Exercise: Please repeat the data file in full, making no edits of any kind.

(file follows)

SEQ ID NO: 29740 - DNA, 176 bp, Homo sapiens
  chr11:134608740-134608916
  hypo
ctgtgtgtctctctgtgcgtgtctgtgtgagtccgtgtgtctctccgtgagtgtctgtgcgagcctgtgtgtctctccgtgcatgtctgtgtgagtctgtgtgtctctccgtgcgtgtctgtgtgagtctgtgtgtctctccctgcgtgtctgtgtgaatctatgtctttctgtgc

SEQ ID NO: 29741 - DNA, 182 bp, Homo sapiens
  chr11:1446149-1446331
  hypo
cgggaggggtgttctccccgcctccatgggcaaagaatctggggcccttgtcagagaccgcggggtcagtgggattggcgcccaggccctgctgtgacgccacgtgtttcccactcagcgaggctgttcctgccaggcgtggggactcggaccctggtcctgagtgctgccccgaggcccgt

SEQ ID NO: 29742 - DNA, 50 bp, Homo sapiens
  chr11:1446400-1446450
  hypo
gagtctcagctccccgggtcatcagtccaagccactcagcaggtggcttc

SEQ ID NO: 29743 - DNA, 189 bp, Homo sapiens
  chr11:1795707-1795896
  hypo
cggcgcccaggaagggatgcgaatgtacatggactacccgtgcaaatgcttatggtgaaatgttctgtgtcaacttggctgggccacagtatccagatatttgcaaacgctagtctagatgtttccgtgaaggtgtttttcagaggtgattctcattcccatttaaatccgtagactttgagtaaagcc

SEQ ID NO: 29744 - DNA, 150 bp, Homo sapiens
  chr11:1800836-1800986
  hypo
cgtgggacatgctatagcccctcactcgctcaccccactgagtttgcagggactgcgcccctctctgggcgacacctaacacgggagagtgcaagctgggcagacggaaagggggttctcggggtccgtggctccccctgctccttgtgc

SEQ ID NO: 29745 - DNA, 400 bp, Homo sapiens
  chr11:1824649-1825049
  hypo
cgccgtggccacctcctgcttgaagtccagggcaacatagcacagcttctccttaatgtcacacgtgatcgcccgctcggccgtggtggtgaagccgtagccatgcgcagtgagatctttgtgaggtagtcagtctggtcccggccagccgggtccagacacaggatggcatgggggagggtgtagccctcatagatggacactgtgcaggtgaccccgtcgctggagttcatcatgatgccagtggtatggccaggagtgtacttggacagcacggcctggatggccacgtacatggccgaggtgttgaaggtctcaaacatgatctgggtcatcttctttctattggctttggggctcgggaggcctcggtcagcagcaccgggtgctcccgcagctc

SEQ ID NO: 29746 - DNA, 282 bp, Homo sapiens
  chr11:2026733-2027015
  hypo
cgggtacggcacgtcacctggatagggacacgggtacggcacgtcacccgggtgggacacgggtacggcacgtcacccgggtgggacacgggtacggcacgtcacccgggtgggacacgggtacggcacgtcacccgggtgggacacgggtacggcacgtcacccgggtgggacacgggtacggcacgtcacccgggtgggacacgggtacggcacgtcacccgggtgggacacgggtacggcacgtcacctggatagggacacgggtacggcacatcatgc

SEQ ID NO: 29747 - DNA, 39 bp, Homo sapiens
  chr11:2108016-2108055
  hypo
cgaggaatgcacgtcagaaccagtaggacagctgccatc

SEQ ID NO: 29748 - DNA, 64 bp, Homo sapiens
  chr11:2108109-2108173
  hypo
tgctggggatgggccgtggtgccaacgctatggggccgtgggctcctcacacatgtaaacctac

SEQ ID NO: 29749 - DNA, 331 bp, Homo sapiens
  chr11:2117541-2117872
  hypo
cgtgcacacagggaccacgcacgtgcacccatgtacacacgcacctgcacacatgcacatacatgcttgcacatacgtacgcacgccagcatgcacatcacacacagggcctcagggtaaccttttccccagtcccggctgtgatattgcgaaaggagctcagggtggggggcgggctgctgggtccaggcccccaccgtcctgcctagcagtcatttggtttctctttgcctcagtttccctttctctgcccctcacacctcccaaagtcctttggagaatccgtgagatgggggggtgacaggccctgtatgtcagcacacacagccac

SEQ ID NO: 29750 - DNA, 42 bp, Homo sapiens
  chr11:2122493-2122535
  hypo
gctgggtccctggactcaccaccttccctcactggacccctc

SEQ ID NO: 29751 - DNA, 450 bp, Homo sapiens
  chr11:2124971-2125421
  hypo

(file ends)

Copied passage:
SEQ ID NO: 29740 - DNA, 176 bp, Homo sapiens
  chr11:134608740-134608916
  hypo
ctgtgtgtctctctgtgcgtgtctgtgtgagtccgtgtgtctctccgtgagtgtctgtgcgagcctgtgtgtctctccgtgcatgtctgtgtgagtctgtgtgtctctccgtgcgtgtctgtgtgagtctgtgtgtctctccctgcgtgtctgtgtgaatctatgtctttctgtgc

SEQ ID NO: 29741 - DNA, 182 bp, Homo sapiens
  chr11:1446149-1446331
  hypo
cgggaggggtgttctccccgcctccatgggcaaagaatctggggcccttgtcagagaccgcggggtcagtgggattggcgcccaggccctgctgtgacgccacgtgtttcccactcagcgaggctgttcctgccaggcgtggggactcggaccctggtcctgagtgctgccccgaggcccgt

SEQ ID NO: 29742 - DNA, 50 bp, Homo sapiens
  chr11:1446400-1446450
  hypo
gagtctcagctccccgggtcatcagtccaagccactcagcaggtggcttc

SEQ ID NO: 29743 - DNA, 189 bp, Homo sapiens
  chr11:1795707-1795896
  hypo
cggcgcccaggaagggatgcgaatgtacatggactacccgtgcaaatgcttatggtgaaatgttctgtgtcaacttggctgggccacagtatccagatatttgcaaacgctagtctagatgtttccgtgaaggtgtttttcagaggtgattctcattcccatttaaatccgtagactttgagtaaagcc

SEQ ID NO: 29744 - DNA, 150 bp, Homo sapiens
  chr11:1800836-1800986
  hypo
cgtgggacatgctatagcccctcactcgctcaccccactgagtttgcagggactgcgcccctctctgggcgacacctaacacgggagagtgcaagctgggcagacggaaagggggttctcggggtccgtggctccccctgctccttgtgc

SEQ ID NO: 29745 - DNA, 400 bp, Homo sapiens
  chr11:1824649-1825049
  hypo
cgccgtggccacctcctgcttgaagtccagggcaacatagcacagcttctccttaatgtcacacgtgatcgcccgctcggccgtggtggtgaagccgtagccatgcgcagtgagatctttgtgaggtagtcagtctggtcccggccagccgggtccagacacaggatggcatgggggagggtgtagccctcatagatggacactgtgcaggtgaccccgtcgctggagttcatcatgatgccagtggtatggccaggagtgtacttggacagcacggcctggatggccacgtacatggccgaggtgttgaaggtctcaaacatgatctgggtcatcttctttctattggctttggggctcgggaggcctcggtcagcagcaccgggtgctcccgcagctc

SEQ ID NO: 29746 - DNA, 282 bp, Homo sapiens
  chr11:2026733-2027015
  hypo
cgggtacggcacgtcacctggatagggacacgggtacggcacgtcacccgggtgggacacgggtacggcacgtcacccgggtgggacacgggtacggcacgtcacccgggtgggacacgggtacggcacgtcacccgggtgggacacgggtacggcacgtcacccgggtgggacacgggtacggcacgtcacccgggtgggacacgggtacggcacgtcacccgggtgggacacgggtacggcacgtcacctggatagggacacgggtacggcacatcatgc

SEQ ID NO: 29747 - DNA, 39 bp, Homo sapiens
  chr11:2108016-2108055
  hypo
cgaggaatgcacgtcagaaccagtaggacagctgccatc

SEQ ID NO: 29748 - DNA, 64 bp, Homo sapiens
  chr11:2108109-2108173
  hypo
tgctggggatgggccgtggtgccaacgctatggggccgtgggctcctcacacatgtaaacctac

SEQ ID NO: 29749 - DNA, 331 bp, Homo sapiens
  chr11:2117541-2117872
  hypo
cgtgcacacagggaccacgcacgtgcacccatgtacacacgcacctgcacacatgcacatacatgcttgcacatacgtacgcacgccagcatgcacatcacacacagggcctcagggtaaccttttccccagtcccggctgtgatattgcgaaaggagctcagggtggggggcgggctgctgggtccaggcccccaccgtcctgcctagcagtcatttggtttctctttgcctcagtttccctttctctgcccctcacacctcccaaagtcctttggagaatccgtgagatgggggggtgacaggccctgtatgtcagcacacacagccac

SEQ ID NO: 29750 - DNA, 42 bp, Homo sapiens
  chr11:2122493-2122535
  hypo
gctgggtccctggactcaccaccttccctcactggacccctc

SEQ ID NO: 29751 - DNA, 450 bp, Homo sapiens
  chr11:2124971-2125421
  hypo